The Hill’s Mychael Schnell has more here.
Weekly jobless claims rise to 286K amid omicron surge
New applications for jobless benefits rose sharply last week amid surging cases of COVID-19, according to data released Thursday by the Labor Department.
In the week ending Jan. 15, seasonally adjusted initial claims for unemployment insurance rose to 286,000, a gain of 55,000 from the previous week’s revised level of 231,000. The four-week moving average of new claims also rose to 231,000 after several weeks of rising applications.
- The steep rise in claims raises concerns about the economic impact of the omicron variant, which has weighed on the economy through much of the winter. Economists say persistent staffing troubles, declines in face-to-face consumer activity and school closures could wipe out much of the quarter’s growth and job gains.
- Claims had already been rising ahead of last week as a resilient labor market finally buckled beneath the omicron surge. Weekly claims had lingered below pre-pandemic levels and hit a nearly 60-year low before the new variant appeared to spur a spike in layoffs.
Sylvan has more here.
Record 8.8 million Americans out sick because of COVID-19
A record of almost 9 million Americans are out sick due to the current surge of novel coronavirus cases in the country, representing about 6 percent of the U.S. workforce, according to data collected by the Census Bureau.
- Between Dec. 29 and Jan. 10, 8.8 million people told the Bureau they were not working due to COVID-19 diagnosis or were taking care of someone with an illness.
- Another 3.2 million people told the Bureau they weren’t working due to concerns of the virus spreading and getting infected from it, up 25 percent from December.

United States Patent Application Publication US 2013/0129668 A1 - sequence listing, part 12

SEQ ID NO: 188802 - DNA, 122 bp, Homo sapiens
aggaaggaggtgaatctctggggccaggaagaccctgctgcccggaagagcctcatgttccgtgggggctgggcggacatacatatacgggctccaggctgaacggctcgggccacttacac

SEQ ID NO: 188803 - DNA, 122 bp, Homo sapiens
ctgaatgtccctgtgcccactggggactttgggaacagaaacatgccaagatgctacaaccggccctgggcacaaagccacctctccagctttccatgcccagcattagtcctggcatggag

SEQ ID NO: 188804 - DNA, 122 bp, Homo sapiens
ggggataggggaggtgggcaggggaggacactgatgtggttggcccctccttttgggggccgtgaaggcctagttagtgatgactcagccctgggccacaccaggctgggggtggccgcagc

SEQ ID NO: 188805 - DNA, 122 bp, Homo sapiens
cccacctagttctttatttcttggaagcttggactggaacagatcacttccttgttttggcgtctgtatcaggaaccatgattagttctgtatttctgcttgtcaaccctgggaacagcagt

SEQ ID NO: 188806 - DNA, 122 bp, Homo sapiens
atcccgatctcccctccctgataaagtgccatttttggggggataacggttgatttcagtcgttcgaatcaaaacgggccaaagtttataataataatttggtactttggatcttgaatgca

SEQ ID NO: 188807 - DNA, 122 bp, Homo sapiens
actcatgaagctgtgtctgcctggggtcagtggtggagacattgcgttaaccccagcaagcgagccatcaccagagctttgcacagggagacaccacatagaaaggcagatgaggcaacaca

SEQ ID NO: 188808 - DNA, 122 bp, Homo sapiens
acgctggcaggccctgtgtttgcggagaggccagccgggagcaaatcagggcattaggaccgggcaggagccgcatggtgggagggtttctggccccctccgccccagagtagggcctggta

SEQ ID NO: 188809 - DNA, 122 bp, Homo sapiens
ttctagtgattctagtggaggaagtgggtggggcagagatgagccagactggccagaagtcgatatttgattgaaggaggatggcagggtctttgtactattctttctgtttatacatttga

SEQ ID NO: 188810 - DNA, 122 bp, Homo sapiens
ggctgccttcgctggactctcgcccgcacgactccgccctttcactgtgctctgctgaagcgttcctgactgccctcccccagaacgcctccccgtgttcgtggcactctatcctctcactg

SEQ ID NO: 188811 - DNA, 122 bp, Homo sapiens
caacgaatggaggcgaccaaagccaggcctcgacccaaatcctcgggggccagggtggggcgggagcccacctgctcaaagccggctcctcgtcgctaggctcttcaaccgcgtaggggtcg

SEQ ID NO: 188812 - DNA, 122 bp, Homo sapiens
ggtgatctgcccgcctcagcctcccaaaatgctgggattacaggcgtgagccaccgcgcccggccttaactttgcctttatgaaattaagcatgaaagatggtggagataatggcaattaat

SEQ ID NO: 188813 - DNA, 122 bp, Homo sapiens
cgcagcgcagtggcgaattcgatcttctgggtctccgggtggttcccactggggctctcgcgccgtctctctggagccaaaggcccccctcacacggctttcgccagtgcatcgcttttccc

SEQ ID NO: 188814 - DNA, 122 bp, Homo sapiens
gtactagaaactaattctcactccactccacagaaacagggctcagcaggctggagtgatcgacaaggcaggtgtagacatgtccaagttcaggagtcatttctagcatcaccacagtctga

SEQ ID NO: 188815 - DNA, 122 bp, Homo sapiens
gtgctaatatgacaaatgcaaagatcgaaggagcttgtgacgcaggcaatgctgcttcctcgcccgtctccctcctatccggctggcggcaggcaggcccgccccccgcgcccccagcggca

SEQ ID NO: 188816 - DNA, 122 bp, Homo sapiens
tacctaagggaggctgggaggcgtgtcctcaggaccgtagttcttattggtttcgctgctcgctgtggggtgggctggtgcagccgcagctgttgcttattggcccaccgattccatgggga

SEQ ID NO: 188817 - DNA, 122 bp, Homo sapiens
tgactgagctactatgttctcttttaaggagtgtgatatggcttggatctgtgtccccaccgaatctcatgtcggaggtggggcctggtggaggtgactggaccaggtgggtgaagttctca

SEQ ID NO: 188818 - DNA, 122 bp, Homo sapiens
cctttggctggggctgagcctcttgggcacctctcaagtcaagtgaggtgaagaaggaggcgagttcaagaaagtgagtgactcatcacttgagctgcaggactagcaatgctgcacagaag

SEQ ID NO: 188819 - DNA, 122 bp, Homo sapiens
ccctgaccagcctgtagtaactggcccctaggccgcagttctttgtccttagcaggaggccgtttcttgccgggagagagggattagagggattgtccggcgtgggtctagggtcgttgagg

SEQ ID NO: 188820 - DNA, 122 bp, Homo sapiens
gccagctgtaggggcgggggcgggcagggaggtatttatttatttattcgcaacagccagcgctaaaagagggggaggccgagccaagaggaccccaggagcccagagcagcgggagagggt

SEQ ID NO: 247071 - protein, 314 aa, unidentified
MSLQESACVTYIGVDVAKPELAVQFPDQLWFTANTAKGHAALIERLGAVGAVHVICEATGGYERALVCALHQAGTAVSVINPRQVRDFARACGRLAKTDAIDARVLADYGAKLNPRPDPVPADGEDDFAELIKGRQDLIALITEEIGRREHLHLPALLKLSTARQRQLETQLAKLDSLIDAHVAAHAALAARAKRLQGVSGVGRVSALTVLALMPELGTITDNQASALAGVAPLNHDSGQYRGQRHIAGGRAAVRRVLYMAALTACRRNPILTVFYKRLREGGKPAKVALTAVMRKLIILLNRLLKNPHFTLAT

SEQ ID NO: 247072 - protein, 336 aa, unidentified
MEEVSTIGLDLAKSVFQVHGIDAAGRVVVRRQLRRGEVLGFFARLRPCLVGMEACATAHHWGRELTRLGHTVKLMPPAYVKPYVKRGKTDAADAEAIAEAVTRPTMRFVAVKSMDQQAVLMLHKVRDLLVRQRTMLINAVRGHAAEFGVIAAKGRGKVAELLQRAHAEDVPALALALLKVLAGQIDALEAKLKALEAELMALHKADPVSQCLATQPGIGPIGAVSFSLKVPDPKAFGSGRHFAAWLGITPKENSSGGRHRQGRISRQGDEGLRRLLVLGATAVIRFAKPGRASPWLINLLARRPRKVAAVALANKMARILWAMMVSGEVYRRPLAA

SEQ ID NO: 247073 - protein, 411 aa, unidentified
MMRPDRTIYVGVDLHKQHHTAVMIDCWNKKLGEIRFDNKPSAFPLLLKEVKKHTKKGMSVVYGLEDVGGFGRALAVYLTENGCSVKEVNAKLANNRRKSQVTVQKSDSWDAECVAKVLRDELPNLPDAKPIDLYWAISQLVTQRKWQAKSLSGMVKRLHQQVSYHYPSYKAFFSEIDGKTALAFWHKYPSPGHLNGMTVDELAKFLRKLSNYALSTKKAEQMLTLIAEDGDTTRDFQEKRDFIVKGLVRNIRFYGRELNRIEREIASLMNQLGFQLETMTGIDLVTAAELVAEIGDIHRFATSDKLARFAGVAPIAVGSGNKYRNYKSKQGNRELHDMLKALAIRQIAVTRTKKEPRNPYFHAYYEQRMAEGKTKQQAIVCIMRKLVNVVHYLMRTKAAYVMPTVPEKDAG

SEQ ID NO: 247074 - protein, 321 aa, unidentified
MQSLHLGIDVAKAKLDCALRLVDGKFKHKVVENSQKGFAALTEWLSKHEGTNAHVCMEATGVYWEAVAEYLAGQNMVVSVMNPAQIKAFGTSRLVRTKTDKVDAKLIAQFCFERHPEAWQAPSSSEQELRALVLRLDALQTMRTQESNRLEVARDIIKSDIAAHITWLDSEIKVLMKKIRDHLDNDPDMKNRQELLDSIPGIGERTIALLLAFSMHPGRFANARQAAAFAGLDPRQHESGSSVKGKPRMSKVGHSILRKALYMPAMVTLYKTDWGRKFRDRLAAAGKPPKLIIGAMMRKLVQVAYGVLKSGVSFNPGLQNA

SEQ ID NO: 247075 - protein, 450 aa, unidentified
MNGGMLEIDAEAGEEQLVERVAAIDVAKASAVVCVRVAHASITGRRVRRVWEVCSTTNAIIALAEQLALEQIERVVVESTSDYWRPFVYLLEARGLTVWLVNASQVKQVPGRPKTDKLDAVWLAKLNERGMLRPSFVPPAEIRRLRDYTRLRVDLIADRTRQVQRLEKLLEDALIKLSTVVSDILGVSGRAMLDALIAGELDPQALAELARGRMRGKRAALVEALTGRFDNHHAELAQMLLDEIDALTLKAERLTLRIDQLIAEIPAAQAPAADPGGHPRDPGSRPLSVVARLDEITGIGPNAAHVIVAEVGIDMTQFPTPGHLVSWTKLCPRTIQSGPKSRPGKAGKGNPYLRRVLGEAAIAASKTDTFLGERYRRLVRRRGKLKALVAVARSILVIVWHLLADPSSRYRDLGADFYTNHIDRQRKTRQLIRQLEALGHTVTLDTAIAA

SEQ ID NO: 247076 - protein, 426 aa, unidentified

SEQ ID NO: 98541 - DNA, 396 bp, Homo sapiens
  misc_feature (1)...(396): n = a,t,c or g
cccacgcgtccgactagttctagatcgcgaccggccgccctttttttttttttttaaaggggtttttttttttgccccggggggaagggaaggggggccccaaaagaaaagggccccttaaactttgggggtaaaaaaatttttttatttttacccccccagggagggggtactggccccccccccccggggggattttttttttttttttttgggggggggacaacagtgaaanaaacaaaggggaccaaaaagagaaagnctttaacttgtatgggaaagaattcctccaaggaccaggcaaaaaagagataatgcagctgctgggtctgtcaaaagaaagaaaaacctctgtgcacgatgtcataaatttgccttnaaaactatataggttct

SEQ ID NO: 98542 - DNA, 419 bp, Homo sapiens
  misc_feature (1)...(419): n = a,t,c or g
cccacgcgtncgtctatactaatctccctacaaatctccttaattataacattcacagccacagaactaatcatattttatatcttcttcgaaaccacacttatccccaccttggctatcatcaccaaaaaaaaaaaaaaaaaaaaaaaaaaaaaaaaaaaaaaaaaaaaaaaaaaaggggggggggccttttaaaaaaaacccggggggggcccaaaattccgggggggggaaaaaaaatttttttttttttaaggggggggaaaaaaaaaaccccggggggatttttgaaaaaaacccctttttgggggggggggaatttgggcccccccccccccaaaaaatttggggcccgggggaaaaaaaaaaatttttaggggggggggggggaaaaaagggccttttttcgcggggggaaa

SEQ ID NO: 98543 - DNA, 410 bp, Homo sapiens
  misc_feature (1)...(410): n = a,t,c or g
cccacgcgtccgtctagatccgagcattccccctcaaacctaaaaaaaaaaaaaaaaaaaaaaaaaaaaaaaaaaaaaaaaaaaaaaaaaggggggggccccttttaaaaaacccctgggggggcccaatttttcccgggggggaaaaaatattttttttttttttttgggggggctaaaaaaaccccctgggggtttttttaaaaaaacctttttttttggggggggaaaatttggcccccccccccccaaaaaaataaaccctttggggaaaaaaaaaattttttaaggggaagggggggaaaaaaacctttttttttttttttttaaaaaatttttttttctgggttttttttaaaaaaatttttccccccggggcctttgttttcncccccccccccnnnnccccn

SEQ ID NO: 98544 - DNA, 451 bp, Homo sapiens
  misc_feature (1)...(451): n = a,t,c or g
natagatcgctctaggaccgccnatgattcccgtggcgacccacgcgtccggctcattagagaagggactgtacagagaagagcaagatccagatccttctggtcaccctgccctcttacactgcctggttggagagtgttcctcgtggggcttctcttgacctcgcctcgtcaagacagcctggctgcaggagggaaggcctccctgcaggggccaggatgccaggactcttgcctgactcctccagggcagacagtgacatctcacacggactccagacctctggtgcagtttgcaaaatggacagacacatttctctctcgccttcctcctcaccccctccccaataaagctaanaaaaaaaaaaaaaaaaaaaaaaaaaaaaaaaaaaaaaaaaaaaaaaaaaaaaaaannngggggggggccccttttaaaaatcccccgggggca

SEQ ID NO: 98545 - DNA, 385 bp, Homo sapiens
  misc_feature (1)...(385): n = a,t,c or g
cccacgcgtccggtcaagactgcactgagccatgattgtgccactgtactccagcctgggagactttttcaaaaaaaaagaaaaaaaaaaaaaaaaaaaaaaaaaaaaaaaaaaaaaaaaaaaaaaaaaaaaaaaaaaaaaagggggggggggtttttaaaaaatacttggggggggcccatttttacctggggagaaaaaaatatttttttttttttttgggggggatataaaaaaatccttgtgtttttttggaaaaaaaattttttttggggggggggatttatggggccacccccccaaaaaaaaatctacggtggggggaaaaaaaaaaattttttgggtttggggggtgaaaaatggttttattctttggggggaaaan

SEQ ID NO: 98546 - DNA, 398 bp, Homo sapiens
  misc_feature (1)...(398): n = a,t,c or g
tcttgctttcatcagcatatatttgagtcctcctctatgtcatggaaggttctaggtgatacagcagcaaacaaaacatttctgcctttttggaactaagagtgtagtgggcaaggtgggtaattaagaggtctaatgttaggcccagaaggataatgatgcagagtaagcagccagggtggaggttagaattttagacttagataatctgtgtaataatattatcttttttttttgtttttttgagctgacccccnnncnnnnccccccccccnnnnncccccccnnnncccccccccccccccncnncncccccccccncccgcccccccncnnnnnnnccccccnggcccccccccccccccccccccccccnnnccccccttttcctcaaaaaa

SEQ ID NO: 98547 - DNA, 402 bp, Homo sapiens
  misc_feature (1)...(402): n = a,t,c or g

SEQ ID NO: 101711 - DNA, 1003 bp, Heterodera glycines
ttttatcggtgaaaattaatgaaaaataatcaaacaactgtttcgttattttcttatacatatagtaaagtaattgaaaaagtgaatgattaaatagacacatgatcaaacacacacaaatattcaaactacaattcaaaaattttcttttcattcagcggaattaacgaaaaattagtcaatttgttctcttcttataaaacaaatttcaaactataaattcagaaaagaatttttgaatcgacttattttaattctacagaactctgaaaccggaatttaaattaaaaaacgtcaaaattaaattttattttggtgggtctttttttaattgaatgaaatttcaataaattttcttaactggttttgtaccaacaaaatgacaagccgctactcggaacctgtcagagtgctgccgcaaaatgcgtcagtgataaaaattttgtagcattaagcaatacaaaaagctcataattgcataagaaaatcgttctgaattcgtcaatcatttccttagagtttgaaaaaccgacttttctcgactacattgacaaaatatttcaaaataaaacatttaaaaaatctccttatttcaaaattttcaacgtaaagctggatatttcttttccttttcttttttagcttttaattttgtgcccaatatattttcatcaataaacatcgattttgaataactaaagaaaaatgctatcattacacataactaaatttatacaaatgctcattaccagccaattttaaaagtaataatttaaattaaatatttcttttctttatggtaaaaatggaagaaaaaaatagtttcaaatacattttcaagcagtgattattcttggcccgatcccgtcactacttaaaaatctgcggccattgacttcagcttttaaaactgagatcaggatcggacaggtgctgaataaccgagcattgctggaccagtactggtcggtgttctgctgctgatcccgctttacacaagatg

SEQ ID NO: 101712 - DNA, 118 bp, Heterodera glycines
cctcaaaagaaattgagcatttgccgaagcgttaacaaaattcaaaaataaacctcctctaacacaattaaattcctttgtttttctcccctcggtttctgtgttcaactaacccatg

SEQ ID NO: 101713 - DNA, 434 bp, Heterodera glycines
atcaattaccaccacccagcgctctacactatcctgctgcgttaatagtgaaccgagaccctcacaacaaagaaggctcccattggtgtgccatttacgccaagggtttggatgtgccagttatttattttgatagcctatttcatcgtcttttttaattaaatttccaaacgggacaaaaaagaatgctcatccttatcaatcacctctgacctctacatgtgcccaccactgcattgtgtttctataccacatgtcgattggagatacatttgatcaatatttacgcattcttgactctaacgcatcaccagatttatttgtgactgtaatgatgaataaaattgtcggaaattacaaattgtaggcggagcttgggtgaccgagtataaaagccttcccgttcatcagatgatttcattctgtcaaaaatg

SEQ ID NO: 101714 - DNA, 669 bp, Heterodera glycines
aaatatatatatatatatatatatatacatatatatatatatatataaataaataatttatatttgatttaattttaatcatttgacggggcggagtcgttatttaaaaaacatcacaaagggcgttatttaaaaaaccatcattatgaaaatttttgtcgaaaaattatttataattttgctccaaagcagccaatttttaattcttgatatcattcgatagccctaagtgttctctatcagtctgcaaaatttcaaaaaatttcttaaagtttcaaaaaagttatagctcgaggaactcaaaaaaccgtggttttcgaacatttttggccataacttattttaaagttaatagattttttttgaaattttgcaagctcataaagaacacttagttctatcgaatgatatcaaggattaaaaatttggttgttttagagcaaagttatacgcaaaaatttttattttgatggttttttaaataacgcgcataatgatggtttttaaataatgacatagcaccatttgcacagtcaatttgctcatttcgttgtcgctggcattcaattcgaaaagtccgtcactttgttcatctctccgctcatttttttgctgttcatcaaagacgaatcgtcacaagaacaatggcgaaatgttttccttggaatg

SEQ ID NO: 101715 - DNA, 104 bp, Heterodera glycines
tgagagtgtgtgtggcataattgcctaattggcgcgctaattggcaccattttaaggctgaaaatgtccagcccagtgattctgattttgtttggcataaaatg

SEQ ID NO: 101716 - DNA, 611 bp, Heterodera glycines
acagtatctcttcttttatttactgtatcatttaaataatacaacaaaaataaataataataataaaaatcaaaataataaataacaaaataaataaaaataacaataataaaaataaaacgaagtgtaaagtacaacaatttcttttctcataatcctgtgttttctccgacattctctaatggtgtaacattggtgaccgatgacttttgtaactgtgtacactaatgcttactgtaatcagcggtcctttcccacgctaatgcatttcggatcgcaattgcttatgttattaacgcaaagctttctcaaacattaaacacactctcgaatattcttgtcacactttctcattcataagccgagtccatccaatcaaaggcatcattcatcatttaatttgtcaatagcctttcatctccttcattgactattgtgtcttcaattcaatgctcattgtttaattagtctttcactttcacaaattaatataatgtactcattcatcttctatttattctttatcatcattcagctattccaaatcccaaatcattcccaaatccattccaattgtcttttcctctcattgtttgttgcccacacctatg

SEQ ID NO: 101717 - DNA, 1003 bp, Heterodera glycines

The new figures are the highest since Census began doing the survey around the start of the pandemic, topping last January’s peak of 6.6 million workers out, according to The Washington Post.
The Hill’s Olafimihan Oshin has more here.
Good to Know
Most of the top lobbying firms raked in record revenue last year as K Street worked overtime to influence President Biden’s ambitious agenda, according to new lobbying figures shared with The Hill.
Lobbying spending had already reached record highs in 2020 after Congress authorized trillions of dollars in new spending to fight the pandemic. But Democrats’ takeover of Congress and the White House helped further propel the influence industry to new heights.
Here’s what else we have our eye on:
- A Senate panel advanced a bill Thursday aimed at blocking the biggest technology platforms from giving preferential treatment to their own products, a proposal that has deeply divided the industry.
- An estimated 78 percent of the U.S. commercial fleet has been cleared to do low-visibility landings at airports with 5G wireless service, the Federal Aviation Administration said Thursday.
- Amazon announced that it is planning on opening an in-person clothing store called “Amazon Style” in a mall in Glendale, Calif. later this year.
That’s it for today. Thanks for reading and check out The Hill’s Finance page for the latest news and coverage. We’ll see you tomorrow.